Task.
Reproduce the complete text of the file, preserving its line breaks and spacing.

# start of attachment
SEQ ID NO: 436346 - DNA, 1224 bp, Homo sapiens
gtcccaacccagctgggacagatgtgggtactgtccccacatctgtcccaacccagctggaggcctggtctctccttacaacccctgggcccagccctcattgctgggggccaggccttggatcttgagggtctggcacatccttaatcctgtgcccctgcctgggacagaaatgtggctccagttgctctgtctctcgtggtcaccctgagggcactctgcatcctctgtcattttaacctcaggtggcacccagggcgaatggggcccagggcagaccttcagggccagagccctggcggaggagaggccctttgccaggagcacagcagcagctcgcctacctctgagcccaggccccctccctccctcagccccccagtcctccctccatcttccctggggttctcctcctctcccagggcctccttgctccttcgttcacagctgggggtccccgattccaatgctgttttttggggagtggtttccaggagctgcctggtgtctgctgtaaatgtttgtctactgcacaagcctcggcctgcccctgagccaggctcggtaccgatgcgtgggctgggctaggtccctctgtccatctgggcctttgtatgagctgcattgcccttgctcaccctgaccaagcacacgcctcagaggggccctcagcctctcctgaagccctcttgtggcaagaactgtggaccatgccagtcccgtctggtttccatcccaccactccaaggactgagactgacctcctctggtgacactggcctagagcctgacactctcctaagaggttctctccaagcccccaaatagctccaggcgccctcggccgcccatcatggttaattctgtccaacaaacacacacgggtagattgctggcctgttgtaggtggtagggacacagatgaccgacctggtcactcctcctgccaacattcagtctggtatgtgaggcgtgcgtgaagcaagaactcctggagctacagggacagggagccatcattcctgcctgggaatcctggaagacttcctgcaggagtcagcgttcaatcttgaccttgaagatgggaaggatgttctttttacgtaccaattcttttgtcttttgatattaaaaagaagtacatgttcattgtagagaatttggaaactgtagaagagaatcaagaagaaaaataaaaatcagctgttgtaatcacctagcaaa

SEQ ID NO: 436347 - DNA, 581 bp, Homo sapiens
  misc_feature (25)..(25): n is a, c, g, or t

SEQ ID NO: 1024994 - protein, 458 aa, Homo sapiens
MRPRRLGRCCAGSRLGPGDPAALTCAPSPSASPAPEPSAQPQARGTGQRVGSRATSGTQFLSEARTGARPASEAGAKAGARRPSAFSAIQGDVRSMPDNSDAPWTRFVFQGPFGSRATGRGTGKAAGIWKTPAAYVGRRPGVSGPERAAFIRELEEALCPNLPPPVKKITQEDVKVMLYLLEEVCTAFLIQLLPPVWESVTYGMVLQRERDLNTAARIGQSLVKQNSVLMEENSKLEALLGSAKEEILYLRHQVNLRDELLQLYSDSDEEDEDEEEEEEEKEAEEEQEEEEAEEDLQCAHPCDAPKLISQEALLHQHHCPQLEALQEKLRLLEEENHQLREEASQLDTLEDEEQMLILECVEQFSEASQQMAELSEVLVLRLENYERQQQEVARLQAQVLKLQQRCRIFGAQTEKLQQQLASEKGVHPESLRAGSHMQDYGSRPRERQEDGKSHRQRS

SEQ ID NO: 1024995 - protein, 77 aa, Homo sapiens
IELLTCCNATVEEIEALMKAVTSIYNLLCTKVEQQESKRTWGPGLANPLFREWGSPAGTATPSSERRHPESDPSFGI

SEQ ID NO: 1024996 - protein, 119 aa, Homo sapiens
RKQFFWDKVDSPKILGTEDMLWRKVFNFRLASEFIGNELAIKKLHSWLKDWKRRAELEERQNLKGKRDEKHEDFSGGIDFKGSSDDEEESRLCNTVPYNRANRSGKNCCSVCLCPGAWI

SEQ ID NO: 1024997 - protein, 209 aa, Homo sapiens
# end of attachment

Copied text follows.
SEQ ID NO: 436346 - DNA, 1224 bp, Homo sapiens
gtcccaacccagctgggacagatgtgggtactgtccccacatctgtcccaacccagctggaggcctggtctctccttacaacccctgggcccagccctcattgctgggggccaggccttggatcttgagggtctggcacatccttaatcctgtgcccctgcctgggacagaaatgtggctccagttgctctgtctctcgtggtcaccctgagggcactctgcatcctctgtcattttaacctcaggtggcacccagggcgaatggggcccagggcagaccttcagggccagagccctggcggaggagaggccctttgccaggagcacagcagcagctcgcctacctctgagcccaggccccctccctccctcagccccccagtcctccctccatcttccctggggttctcctcctctcccagggcctccttgctccttcgttcacagctgggggtccccgattccaatgctgttttttggggagtggtttccaggagctgcctggtgtctgctgtaaatgtttgtctactgcacaagcctcggcctgcccctgagccaggctcggtaccgatgcgtgggctgggctaggtccctctgtccatctgggcctttgtatgagctgcattgcccttgctcaccctgaccaagcacacgcctcagaggggccctcagcctctcctgaagccctcttgtggcaagaactgtggaccatgccagtcccgtctggtttccatcccaccactccaaggactgagactgacctcctctggtgacactggcctagagcctgacactctcctaagaggttctctccaagcccccaaatagctccaggcgccctcggccgcccatcatggttaattctgtccaacaaacacacacgggtagattgctggcctgttgtaggtggtagggacacagatgaccgacctggtcactcctcctgccaacattcagtctggtatgtgaggcgtgcgtgaagcaagaactcctggagctacagggacagggagccatcattcctgcctgggaatcctggaagacttcctgcaggagtcagcgttcaatcttgaccttgaagatgggaaggatgttctttttacgtaccaattcttttgtcttttgatattaaaaagaagtacatgttcattgtagagaatttggaaactgtagaagagaatcaagaagaaaaataaaaatcagctgttgtaatcacctagcaaa

SEQ ID NO: 436347 - DNA, 581 bp, Homo sapiens
  misc_feature (25)..(25): n is a, c, g, or t

SEQ ID NO: 1024994 - protein, 458 aa, Homo sapiens
MRPRRLGRCCAGSRLGPGDPAALTCAPSPSASPAPEPSAQPQARGTGQRVGSRATSGTQFLSEARTGARPASEAGAKAGARRPSAFSAIQGDVRSMPDNSDAPWTRFVFQGPFGSRATGRGTGKAAGIWKTPAAYVGRRPGVSGPERAAFIRELEEALCPNLPPPVKKITQEDVKVMLYLLEEVCTAFLIQLLPPVWESVTYGMVLQRERDLNTAARIGQSLVKQNSVLMEENSKLEALLGSAKEEILYLRHQVNLRDELLQLYSDSDEEDEDEEEEEEEKEAEEEQEEEEAEEDLQCAHPCDAPKLISQEALLHQHHCPQLEALQEKLRLLEEENHQLREEASQLDTLEDEEQMLILECVEQFSEASQQMAELSEVLVLRLENYERQQQEVARLQAQVLKLQQRCRIFGAQTEKLQQQLASEKGVHPESLRAGSHMQDYGSRPRERQEDGKSHRQRS

SEQ ID NO: 1024995 - protein, 77 aa, Homo sapiens
IELLTCCNATVEEIEALMKAVTSIYNLLCTKVEQQESKRTWGPGLANPLFREWGSPAGTATPSSERRHPESDPSFGI

SEQ ID NO: 1024996 - protein, 119 aa, Homo sapiens
RKQFFWDKVDSPKILGTEDMLWRKVFNFRLASEFIGNELAIKKLHSWLKDWKRRAELEERQNLKGKRDEKHEDFSGGIDFKGSSDDEEESRLCNTVPYNRANRSGKNCCSVCLCPGAWI

SEQ ID NO: 1024997 - protein, 209 aa, Homo sapiens